My great thanks to those who have already donated of late! But if you haven't, please consider doing so. A one time donation is great. A monthly sustaining contribution is even better, as it may help, if we can get enough of them, to bring at least some stability to what we're able to do here as we head into another general election season, and as our eleventh year fighting as many good fights as we can, continues...
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The case against Wisconsin Gov. Scott Walker (R), charging that he ran a "criminal scheme" by coordinating his 2012 recall election campaign with about a dozen "outside" groups, is about much more than just Walker and his corruption.
On this week's BradCast on KPFK/Pacifica Radio, I spoke with Brendan Fischer, general counsel at the Center for Media and Democracy about what could be the very last piece of campaign finance law to fall in the wake of 2010's Citizens United and 2014's McCutcheon rulings by the U.S. Supreme Court. Depending on how the challenge against the case against Walker goes, there may be nothing left that keeps candidate campaigns from putting unlimited, undisclosed millions to work in buying our elections. In short, as I discussed with Fischer, democracy could well become even more hosed than it already is in this country. Who knew that was even possible, at this point?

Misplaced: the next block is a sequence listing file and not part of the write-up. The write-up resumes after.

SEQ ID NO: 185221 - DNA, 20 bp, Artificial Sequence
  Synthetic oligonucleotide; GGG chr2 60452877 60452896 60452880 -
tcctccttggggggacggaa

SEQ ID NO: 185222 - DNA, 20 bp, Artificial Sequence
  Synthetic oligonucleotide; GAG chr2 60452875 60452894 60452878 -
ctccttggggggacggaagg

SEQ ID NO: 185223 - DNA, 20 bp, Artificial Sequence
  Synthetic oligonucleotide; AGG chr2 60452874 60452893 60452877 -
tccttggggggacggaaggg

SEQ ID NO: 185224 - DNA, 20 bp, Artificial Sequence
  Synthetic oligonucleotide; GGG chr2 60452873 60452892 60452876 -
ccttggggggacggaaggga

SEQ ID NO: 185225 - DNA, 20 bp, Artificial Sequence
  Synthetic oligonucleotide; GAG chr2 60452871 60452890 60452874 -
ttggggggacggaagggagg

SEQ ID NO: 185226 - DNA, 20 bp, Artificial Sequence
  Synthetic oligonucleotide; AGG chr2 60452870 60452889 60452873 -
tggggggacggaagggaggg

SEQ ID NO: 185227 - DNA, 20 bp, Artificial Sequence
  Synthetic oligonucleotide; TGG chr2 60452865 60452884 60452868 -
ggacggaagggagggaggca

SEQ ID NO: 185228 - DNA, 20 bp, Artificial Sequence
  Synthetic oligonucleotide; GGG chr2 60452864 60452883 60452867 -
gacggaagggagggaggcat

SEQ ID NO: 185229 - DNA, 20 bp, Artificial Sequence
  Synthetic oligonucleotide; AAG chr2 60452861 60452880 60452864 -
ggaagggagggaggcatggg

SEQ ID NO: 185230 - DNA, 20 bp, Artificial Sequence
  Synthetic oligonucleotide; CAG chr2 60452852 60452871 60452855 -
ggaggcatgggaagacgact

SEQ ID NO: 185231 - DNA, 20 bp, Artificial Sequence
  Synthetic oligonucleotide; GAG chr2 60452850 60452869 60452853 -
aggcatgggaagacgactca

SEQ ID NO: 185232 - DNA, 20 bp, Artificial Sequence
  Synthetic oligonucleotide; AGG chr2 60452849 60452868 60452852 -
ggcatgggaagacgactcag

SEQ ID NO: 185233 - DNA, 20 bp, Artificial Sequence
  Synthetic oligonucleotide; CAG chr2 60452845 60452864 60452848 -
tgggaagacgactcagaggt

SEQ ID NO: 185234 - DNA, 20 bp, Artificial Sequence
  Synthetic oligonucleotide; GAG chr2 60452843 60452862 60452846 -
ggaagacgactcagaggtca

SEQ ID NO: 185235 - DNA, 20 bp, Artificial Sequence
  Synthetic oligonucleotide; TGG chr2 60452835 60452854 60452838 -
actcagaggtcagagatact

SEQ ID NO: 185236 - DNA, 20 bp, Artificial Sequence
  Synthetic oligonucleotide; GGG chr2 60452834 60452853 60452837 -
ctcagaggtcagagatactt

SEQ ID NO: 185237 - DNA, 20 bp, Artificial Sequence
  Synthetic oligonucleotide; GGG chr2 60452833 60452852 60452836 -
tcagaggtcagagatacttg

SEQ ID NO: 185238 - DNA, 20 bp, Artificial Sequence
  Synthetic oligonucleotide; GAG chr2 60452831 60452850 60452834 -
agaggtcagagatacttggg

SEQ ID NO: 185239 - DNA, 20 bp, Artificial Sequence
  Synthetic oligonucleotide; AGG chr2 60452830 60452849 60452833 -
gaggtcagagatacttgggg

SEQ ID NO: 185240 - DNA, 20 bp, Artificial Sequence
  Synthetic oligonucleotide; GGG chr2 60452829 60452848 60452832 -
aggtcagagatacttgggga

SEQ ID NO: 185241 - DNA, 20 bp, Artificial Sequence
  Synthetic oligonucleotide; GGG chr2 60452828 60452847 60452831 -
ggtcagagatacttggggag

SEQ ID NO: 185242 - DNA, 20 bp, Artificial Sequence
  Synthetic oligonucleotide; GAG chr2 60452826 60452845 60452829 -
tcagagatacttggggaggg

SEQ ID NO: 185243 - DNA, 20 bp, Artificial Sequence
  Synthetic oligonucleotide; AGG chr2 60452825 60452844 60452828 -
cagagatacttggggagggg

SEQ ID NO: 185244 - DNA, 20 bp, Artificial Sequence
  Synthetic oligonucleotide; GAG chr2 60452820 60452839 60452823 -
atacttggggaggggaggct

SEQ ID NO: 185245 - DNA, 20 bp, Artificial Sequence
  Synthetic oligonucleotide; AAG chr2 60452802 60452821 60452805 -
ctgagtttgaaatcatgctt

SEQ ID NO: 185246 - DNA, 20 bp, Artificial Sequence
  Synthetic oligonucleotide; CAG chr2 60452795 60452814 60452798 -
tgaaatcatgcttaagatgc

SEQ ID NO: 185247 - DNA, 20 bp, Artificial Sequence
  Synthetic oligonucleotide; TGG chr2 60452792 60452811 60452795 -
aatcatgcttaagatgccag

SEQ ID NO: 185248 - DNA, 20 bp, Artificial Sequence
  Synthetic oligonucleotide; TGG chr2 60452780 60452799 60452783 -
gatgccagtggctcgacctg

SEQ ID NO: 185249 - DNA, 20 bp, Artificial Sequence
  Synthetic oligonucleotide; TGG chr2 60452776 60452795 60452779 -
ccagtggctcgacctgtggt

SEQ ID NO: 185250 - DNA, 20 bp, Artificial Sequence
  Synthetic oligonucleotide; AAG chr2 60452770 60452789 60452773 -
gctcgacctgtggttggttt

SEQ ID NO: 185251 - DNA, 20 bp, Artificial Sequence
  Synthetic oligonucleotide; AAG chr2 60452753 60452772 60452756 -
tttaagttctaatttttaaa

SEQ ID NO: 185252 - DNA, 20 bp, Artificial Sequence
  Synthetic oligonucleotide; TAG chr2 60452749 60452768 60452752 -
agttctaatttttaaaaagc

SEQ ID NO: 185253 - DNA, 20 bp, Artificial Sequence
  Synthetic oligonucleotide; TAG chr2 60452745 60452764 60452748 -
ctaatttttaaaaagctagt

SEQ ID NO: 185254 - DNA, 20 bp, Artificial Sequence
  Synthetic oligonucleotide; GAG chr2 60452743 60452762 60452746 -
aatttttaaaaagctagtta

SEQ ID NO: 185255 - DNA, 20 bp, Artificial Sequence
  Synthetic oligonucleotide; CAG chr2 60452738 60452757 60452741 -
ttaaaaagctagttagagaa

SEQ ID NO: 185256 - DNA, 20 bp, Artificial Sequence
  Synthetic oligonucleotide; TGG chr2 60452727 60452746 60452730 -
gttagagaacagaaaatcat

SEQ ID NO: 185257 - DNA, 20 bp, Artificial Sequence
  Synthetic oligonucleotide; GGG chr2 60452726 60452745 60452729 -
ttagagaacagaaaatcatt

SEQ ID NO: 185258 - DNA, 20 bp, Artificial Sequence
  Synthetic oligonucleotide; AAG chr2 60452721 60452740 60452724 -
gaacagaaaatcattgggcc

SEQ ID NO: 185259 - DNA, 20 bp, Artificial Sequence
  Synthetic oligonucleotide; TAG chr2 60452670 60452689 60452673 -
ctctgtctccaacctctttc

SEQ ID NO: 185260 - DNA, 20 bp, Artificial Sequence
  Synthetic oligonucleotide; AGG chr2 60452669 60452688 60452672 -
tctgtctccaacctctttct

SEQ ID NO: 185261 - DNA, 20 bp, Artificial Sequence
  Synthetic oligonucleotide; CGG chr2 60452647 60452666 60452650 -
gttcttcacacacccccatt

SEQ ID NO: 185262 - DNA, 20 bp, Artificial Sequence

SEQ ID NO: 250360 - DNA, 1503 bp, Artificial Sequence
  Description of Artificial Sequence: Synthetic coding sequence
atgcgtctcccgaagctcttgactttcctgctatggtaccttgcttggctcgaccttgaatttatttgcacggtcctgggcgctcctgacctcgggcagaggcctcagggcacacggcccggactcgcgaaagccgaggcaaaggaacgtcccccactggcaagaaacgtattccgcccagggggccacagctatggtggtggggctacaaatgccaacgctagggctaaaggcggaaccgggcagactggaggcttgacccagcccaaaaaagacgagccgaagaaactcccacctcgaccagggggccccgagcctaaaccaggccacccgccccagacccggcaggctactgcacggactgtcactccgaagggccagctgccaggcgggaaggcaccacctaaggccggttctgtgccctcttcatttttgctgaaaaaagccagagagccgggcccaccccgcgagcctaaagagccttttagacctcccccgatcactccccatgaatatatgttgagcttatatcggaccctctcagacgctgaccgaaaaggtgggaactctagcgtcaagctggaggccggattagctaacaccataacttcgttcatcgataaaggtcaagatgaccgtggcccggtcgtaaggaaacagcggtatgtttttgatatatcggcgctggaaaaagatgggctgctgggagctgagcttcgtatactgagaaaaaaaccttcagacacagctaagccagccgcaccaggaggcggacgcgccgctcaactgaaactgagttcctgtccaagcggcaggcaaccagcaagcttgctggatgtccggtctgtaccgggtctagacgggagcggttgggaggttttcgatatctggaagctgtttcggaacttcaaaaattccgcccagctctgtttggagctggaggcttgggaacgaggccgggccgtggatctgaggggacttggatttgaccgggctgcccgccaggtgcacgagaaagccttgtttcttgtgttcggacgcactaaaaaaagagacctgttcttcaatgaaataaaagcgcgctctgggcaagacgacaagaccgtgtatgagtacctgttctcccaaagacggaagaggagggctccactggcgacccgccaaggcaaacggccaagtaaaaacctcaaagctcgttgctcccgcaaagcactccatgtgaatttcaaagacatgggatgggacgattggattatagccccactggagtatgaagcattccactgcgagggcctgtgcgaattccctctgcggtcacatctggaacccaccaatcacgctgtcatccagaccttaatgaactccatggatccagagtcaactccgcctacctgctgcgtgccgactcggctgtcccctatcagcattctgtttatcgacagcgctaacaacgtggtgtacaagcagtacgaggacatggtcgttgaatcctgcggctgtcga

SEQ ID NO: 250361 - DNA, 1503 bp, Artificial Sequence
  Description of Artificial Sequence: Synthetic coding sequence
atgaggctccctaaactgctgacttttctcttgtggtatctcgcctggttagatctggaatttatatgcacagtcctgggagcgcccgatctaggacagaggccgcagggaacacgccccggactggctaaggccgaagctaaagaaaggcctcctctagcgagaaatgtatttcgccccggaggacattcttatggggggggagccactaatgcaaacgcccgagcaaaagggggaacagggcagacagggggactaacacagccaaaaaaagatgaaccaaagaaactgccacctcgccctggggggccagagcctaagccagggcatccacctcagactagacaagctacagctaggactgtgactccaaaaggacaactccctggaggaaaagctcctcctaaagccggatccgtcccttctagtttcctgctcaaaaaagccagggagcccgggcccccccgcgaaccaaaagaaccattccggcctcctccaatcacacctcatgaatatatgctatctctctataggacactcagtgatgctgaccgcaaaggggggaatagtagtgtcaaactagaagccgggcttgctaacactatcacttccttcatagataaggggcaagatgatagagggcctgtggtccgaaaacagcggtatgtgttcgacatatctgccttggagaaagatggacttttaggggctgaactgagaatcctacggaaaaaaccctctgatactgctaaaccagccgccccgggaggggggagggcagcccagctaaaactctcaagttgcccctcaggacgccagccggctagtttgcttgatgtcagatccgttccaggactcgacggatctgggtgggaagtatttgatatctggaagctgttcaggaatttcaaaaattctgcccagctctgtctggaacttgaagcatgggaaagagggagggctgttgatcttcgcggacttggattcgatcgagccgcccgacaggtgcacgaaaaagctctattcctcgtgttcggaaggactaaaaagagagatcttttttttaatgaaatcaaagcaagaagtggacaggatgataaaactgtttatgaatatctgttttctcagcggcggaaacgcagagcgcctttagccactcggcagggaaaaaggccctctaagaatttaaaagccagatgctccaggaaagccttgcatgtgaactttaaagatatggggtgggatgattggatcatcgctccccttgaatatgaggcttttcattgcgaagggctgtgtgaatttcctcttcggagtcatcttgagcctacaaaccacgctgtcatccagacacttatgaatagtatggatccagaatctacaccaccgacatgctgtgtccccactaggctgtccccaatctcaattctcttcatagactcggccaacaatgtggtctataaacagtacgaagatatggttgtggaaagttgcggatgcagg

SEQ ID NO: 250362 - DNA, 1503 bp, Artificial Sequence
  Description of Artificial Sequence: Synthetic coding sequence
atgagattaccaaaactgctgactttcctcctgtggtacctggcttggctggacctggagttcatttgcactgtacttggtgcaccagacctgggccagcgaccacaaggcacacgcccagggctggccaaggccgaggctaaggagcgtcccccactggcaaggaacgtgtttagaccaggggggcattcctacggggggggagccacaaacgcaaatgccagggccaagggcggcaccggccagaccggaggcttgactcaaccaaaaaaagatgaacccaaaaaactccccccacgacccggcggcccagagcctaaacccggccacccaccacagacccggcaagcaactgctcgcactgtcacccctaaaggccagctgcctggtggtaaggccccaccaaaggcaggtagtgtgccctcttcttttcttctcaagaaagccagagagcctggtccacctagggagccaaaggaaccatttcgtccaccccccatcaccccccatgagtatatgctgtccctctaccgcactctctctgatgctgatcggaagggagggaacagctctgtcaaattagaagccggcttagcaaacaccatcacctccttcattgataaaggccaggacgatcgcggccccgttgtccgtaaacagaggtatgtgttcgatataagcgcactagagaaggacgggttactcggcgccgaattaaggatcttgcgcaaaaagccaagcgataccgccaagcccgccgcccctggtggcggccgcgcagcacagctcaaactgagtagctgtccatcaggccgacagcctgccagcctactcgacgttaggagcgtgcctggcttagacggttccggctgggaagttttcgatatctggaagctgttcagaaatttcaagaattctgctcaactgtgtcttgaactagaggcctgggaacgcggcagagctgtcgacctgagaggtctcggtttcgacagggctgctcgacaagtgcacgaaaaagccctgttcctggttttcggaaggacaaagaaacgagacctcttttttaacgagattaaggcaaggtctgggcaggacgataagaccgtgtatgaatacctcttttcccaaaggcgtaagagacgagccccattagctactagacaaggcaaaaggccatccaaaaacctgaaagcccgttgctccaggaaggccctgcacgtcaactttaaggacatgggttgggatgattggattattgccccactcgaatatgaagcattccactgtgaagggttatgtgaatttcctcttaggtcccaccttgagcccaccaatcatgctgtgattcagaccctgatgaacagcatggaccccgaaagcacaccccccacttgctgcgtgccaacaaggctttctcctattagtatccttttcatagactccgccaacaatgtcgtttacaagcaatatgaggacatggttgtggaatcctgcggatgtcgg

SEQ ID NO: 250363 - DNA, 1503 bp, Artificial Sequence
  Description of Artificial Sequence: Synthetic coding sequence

Dick and Dubya are back in the news! Now I wonder how that might have happened. On the upside, it allowed me to play some clips on this week's show that I first put together for a show back in 2006 (or earlier?)
Anyway, we talk about all of that and more on this week's BradCast on KPFK/Pacifica Radio, including:
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First up, a bit of a rant on a few different things, including the good news/bad news results of California's primary election for Secretary of State and the disenfranchised voters this week in Alabama's primary (and beyond!)
Next, Desi Doyen joined us for an extended Green News Report to discuss the Obama EPA's landmark announcement of newly proposed nationwide CO2 emissions reduction and the fossil fueled freakout that followed.